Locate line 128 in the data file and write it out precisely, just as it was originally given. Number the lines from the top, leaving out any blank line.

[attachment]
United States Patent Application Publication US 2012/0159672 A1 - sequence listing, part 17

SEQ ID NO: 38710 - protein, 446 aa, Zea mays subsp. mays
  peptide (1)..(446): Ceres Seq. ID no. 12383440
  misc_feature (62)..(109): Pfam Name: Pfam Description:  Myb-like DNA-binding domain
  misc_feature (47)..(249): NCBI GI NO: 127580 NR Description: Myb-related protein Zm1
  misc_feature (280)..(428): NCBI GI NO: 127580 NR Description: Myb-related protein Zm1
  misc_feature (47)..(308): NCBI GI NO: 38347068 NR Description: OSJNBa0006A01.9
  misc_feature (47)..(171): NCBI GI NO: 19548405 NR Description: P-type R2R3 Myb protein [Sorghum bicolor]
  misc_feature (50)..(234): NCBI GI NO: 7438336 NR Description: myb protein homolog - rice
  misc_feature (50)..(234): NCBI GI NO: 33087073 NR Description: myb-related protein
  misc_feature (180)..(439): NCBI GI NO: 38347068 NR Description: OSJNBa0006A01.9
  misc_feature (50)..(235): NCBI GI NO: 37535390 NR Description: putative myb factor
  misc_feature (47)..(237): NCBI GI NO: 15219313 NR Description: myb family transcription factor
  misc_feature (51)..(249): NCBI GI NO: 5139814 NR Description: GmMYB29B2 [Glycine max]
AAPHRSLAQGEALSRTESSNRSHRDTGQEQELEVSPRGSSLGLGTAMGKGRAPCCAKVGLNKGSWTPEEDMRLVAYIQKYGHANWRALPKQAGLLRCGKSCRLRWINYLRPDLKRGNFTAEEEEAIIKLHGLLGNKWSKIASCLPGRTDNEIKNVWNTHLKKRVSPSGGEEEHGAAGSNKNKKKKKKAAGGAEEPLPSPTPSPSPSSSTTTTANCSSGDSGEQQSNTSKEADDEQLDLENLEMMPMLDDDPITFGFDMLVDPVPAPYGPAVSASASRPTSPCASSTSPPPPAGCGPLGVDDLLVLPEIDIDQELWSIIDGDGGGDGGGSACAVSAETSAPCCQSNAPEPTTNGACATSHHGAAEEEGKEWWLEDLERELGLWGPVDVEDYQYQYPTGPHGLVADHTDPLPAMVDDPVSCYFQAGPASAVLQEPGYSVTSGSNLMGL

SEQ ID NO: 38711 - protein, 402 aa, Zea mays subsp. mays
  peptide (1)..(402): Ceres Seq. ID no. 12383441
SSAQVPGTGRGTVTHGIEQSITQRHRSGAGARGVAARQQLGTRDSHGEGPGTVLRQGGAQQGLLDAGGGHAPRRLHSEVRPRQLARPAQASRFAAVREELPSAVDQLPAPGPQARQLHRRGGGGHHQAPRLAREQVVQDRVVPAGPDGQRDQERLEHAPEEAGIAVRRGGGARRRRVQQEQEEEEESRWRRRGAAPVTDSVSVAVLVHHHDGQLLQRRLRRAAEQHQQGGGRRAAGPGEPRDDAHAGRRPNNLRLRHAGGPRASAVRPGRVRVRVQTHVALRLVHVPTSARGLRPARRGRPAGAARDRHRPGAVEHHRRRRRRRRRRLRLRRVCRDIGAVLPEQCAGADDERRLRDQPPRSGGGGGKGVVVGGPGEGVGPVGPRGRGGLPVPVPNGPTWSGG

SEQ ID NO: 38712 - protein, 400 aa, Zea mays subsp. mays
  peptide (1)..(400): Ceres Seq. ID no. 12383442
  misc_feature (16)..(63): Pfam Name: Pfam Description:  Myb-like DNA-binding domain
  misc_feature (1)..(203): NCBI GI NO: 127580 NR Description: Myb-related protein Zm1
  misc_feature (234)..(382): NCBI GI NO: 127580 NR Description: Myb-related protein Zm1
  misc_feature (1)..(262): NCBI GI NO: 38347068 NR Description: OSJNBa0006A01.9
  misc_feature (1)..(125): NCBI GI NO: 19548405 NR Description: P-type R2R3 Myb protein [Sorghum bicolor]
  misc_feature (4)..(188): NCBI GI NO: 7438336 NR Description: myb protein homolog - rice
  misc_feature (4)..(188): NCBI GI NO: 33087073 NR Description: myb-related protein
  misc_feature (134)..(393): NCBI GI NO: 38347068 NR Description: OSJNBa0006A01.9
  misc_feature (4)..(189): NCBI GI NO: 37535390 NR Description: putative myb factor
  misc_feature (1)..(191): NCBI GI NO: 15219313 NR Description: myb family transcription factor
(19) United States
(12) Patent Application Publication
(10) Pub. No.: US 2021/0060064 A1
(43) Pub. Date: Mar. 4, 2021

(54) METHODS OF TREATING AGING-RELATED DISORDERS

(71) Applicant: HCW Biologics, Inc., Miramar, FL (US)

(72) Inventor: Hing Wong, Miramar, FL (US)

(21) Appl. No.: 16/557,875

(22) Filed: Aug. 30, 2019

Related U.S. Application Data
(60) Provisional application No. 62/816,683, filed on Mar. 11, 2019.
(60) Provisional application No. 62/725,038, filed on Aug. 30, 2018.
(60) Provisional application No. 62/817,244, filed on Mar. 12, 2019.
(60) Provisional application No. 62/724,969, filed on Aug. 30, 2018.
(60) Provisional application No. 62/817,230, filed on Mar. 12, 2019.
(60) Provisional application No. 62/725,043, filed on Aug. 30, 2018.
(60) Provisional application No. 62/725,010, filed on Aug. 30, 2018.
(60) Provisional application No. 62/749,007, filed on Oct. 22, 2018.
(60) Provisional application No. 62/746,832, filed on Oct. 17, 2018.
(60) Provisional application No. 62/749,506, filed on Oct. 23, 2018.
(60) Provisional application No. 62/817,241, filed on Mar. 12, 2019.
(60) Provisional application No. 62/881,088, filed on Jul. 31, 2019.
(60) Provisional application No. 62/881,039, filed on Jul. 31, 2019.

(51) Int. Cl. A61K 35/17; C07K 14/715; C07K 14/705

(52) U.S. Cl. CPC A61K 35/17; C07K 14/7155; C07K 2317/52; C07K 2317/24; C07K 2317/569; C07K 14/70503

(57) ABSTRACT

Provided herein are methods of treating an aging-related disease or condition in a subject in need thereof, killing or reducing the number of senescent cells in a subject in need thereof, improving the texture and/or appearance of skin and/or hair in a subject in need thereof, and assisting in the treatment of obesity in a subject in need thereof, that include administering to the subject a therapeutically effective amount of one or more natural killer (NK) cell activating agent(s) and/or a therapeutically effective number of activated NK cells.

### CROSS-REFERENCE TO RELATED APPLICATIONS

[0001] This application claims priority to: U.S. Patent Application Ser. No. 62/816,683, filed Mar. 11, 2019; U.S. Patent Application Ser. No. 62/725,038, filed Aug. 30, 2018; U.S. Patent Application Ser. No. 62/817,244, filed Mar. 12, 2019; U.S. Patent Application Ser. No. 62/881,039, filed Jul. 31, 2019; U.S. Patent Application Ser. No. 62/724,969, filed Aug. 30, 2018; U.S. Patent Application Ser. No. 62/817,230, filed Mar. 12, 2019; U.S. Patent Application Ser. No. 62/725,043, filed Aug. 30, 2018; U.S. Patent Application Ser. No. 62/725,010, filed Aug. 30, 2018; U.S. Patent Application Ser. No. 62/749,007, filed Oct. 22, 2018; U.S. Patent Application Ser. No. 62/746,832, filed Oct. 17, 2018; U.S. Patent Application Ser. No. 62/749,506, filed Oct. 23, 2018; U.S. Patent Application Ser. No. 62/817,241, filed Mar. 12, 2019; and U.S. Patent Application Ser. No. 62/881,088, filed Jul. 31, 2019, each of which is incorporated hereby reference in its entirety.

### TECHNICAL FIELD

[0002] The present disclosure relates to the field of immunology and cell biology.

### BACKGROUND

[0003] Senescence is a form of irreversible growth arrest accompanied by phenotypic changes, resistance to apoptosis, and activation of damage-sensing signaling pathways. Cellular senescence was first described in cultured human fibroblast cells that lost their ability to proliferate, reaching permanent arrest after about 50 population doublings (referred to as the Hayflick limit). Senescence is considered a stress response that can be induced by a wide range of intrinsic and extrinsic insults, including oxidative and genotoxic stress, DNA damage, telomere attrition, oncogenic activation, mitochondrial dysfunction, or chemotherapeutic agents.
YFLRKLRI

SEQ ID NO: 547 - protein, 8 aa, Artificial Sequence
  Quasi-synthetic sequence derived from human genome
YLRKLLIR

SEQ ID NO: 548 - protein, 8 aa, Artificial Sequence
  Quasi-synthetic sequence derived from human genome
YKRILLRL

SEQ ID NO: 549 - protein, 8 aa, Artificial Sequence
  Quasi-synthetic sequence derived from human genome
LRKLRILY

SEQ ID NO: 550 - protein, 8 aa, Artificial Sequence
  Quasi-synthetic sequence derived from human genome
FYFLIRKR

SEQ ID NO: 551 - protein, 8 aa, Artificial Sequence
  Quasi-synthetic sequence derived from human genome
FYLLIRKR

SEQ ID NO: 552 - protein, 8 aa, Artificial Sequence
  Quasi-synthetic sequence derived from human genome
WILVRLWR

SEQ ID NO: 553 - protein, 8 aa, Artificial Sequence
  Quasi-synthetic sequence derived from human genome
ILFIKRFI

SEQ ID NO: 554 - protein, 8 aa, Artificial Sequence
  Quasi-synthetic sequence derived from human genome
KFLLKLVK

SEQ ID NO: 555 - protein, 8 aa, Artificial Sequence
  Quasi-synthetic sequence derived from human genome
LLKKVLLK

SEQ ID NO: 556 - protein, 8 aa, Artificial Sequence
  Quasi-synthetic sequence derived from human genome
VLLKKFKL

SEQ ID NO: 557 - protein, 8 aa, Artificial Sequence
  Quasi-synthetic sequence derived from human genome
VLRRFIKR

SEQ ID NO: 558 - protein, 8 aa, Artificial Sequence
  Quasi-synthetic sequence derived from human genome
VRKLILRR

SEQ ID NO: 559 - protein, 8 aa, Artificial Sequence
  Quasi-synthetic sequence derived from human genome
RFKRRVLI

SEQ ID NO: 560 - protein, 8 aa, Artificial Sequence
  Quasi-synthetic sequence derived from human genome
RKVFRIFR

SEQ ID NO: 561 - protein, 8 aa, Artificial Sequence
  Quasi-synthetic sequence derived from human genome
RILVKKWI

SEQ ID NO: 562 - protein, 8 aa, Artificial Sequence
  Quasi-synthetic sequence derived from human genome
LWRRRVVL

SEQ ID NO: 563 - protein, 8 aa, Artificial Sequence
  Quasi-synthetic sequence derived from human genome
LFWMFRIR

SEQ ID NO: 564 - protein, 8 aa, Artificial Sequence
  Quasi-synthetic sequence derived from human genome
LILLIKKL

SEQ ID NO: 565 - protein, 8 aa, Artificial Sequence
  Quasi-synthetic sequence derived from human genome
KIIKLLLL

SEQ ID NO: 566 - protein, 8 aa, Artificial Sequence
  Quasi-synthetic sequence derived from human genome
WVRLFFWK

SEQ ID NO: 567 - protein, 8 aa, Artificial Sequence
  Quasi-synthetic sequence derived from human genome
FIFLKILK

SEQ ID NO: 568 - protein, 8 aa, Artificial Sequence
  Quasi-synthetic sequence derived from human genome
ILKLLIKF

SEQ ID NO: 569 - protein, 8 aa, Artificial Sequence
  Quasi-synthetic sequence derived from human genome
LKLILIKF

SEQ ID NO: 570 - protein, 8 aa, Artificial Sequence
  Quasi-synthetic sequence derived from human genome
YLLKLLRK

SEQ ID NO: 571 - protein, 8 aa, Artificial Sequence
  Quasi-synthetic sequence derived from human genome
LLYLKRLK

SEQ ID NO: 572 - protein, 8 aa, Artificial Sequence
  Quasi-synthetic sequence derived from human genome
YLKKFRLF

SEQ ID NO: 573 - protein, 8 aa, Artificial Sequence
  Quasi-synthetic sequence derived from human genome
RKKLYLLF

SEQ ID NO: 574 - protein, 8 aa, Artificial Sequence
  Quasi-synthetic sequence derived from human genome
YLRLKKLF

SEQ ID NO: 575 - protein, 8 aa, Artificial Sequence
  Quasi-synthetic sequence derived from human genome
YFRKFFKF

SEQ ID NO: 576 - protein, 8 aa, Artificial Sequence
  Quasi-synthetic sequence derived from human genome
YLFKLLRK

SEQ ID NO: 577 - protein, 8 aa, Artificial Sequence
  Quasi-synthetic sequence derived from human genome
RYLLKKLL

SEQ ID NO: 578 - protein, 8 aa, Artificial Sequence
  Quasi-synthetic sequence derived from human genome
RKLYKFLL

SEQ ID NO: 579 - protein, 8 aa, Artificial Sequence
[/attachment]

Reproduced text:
SEQ ID NO: 568 - protein, 8 aa, Artificial Sequence